Niobium processing expert and CBMM veteran Clovis Sousa joined WA1 earlier this year.

It’s early days in terms of metallurgical test work at Luni, with a five-month program focusing on flotation recently getting underway.

The first results of the beneficiation program were released on Wednesday and demonstrated a high-grade, low-impurity concentrate could be produced from Luni oxide material via two-stage flotation.

Open cycle float tests achieved concentrate grades of 51-61% with recoveries of 53-62%.

“With the flotation of niobium being a key technical challenge to solve, we view the results as positive and are the best that we have observed from peer reported test work,” Canaccord’s Hoff said.

“There remains a significant body of work to follow up on, including testing various grades, weathering states and defining mineralisation zones. There also remains optimisation work to define what an initial flowsheet may ultimately look like.

“However, today's results move the Luni deposit a decisive step closer to proving what we believe is world-class status.”

The stock surged 17% on the news, recovering some of the recent losses ahead of the initial resource.

Luni’s remoteness

The West Arunta project is 700km west-northwest of Alice Springs, 400km south of Halls Creek and 1100km east of Port Hedland.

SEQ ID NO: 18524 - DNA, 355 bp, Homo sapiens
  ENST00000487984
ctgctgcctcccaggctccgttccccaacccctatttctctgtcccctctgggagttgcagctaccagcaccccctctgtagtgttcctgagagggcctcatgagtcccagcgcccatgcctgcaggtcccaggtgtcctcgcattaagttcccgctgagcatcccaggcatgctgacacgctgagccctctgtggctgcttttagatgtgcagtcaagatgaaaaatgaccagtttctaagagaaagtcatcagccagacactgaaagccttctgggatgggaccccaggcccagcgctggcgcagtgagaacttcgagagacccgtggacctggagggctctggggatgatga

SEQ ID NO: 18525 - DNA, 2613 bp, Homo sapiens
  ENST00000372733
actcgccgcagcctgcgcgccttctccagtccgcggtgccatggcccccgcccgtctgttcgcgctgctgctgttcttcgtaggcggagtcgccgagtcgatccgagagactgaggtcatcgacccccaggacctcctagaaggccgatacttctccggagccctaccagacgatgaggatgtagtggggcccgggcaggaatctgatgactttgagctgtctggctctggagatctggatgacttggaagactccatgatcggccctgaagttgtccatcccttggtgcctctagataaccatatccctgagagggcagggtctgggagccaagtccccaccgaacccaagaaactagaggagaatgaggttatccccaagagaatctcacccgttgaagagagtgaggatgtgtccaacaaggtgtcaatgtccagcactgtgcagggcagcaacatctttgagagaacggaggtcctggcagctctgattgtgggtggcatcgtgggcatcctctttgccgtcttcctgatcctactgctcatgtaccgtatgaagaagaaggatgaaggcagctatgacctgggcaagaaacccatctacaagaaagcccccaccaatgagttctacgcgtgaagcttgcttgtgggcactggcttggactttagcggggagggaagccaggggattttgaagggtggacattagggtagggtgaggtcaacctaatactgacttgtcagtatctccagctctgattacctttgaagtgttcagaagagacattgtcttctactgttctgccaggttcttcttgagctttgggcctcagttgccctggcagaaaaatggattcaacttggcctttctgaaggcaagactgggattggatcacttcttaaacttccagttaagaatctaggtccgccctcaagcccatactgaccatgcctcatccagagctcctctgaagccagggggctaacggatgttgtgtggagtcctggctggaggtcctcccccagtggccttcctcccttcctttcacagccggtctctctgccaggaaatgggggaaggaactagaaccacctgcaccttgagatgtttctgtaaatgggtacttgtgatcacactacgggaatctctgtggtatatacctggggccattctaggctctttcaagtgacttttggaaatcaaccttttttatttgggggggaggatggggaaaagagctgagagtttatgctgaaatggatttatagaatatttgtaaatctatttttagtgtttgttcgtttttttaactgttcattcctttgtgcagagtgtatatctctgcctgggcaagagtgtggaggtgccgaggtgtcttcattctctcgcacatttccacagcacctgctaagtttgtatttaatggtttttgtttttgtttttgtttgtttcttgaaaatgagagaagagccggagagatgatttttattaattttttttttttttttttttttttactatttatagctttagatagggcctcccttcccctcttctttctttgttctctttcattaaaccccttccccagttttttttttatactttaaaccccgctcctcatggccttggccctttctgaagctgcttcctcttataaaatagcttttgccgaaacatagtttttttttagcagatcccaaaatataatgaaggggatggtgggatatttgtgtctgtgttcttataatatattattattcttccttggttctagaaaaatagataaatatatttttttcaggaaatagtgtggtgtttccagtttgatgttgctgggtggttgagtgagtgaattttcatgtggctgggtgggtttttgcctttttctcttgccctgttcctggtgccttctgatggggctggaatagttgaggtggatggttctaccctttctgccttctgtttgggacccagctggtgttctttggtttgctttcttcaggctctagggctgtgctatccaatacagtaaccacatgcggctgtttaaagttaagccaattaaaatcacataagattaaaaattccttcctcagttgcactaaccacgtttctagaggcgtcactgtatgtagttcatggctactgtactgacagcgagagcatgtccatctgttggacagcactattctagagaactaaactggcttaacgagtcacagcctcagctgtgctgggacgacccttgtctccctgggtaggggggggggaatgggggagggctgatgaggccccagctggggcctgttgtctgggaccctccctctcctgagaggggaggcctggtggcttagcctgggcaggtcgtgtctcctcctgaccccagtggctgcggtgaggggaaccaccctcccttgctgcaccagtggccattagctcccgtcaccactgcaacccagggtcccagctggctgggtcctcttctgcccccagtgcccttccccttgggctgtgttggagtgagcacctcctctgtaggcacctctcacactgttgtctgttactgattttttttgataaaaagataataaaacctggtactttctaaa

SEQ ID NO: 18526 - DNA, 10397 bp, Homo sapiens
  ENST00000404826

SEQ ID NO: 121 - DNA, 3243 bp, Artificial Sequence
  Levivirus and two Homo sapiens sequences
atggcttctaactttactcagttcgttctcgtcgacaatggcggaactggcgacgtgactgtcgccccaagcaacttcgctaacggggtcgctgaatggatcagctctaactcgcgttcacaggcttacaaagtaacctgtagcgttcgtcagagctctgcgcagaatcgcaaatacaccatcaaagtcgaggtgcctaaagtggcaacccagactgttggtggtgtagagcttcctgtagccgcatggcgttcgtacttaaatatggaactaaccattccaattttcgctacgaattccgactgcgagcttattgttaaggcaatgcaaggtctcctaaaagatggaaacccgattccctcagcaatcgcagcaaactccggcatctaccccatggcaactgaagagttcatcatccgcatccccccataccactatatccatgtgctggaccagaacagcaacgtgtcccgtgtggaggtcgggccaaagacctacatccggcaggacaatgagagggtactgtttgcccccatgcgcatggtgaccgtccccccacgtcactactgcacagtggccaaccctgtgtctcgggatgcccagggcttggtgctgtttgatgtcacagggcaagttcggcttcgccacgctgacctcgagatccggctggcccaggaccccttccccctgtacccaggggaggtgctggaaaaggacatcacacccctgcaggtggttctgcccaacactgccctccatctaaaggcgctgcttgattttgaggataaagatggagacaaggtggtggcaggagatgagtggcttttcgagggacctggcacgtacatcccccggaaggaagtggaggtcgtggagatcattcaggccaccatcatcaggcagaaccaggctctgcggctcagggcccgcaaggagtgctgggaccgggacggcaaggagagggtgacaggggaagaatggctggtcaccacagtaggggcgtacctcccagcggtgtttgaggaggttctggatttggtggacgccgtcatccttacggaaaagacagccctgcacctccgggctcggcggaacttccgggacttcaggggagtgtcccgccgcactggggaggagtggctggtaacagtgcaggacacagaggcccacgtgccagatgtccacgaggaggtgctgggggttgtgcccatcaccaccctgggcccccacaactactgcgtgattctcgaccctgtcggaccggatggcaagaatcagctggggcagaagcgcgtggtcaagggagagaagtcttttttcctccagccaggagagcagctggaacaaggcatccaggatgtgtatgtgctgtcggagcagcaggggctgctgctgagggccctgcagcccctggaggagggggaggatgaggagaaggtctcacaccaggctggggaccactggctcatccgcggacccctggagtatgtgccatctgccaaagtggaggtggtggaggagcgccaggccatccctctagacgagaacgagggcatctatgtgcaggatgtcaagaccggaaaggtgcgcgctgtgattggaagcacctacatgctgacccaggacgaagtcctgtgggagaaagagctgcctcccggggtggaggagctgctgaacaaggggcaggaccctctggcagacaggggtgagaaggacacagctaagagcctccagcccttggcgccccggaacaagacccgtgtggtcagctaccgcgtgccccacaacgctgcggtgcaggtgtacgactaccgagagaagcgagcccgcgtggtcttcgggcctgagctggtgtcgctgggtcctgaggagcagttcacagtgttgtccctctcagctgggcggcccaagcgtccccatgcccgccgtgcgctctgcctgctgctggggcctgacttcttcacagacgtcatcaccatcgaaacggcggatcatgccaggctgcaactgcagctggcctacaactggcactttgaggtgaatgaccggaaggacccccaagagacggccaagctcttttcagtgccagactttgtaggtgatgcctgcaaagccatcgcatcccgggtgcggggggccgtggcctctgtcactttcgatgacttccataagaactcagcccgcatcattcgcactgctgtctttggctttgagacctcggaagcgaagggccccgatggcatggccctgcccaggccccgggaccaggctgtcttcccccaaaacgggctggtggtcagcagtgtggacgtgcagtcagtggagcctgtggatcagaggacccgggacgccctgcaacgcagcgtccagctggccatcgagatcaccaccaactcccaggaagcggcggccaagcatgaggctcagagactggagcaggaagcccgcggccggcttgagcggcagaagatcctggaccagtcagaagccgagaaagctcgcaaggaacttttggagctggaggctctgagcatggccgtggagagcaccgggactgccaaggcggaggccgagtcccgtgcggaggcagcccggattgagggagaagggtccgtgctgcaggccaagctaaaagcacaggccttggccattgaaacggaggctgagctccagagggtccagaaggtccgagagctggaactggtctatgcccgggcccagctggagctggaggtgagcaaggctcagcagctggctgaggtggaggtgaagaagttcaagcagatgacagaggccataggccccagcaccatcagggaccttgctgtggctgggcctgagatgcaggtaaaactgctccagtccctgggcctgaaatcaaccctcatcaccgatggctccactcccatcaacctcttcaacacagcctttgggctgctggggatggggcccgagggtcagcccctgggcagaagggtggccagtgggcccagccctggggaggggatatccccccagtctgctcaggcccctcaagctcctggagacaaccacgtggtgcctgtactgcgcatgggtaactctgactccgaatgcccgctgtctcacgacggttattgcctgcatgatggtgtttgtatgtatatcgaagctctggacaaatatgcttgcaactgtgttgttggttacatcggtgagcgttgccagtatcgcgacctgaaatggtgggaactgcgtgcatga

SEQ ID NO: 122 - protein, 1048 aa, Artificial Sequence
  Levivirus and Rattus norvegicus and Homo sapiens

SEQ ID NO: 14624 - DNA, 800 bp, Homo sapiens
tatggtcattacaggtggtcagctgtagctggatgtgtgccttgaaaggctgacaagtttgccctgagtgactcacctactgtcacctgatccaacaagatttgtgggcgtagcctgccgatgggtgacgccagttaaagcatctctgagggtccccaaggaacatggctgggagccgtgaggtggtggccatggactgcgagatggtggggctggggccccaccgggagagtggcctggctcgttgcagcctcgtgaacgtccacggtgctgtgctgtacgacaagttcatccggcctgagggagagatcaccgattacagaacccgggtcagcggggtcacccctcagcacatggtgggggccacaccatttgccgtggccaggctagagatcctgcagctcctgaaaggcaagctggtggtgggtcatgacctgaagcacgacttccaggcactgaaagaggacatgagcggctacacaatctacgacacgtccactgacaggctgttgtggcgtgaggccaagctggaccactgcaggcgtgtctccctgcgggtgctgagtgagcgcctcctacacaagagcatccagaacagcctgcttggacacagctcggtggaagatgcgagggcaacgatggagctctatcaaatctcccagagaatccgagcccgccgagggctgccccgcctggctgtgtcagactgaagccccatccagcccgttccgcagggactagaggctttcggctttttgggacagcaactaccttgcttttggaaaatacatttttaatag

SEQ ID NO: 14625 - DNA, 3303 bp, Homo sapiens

The project’s remoteness presents a challenge for WA1 due to the lack of infrastructure.

“Common user infrastructure is what we need out where we are,” Savich said.

Savich conceded a lot of that infrastructure would have to be built by WA1 and the company is already looking into power and water solutions, as well as potential transport routes.

In anticipation of development activities, WA1 engaged with native title holders, the Ngururrpa people, last year.

WA1 signed a negotiation protocol with Parna Ngururrpa (Aboriginal Corporation) RNTBC (PNAC), the native title representative body for the Ngururrpa native title holders, with a view to entering into a mining agreement for the development and operation of the project.

Parna Ngururrpa (Aboriginal Corporation) RNTBC chair Mick Bennie described WA1 as a very respectful company said the group appreciated the early consultation.

Baseline environmental studies are underway.

Argonaut’s early forecasts are for a 17-year operation from 2030 to produce 30,000tpa of ferroniobium at all-in sustaining costs of US$14.80/kg.

Assuming a US$40/kg Nb2O5 (US$26/kg ferroniobium) price, Argonaut estimates the project would generate profits after tax of circa A$450 million per annum.

“The bar for the first project in the West Arunta is really, really high and Luni can shoulder that burden, but in time, with more infrastructure, hopefully the bar keeps getting lower,” Savich said.

“It's a really well-endowed belt – as others are out there exploring, people are going to find more things, so we just need to enable other projects to come along.”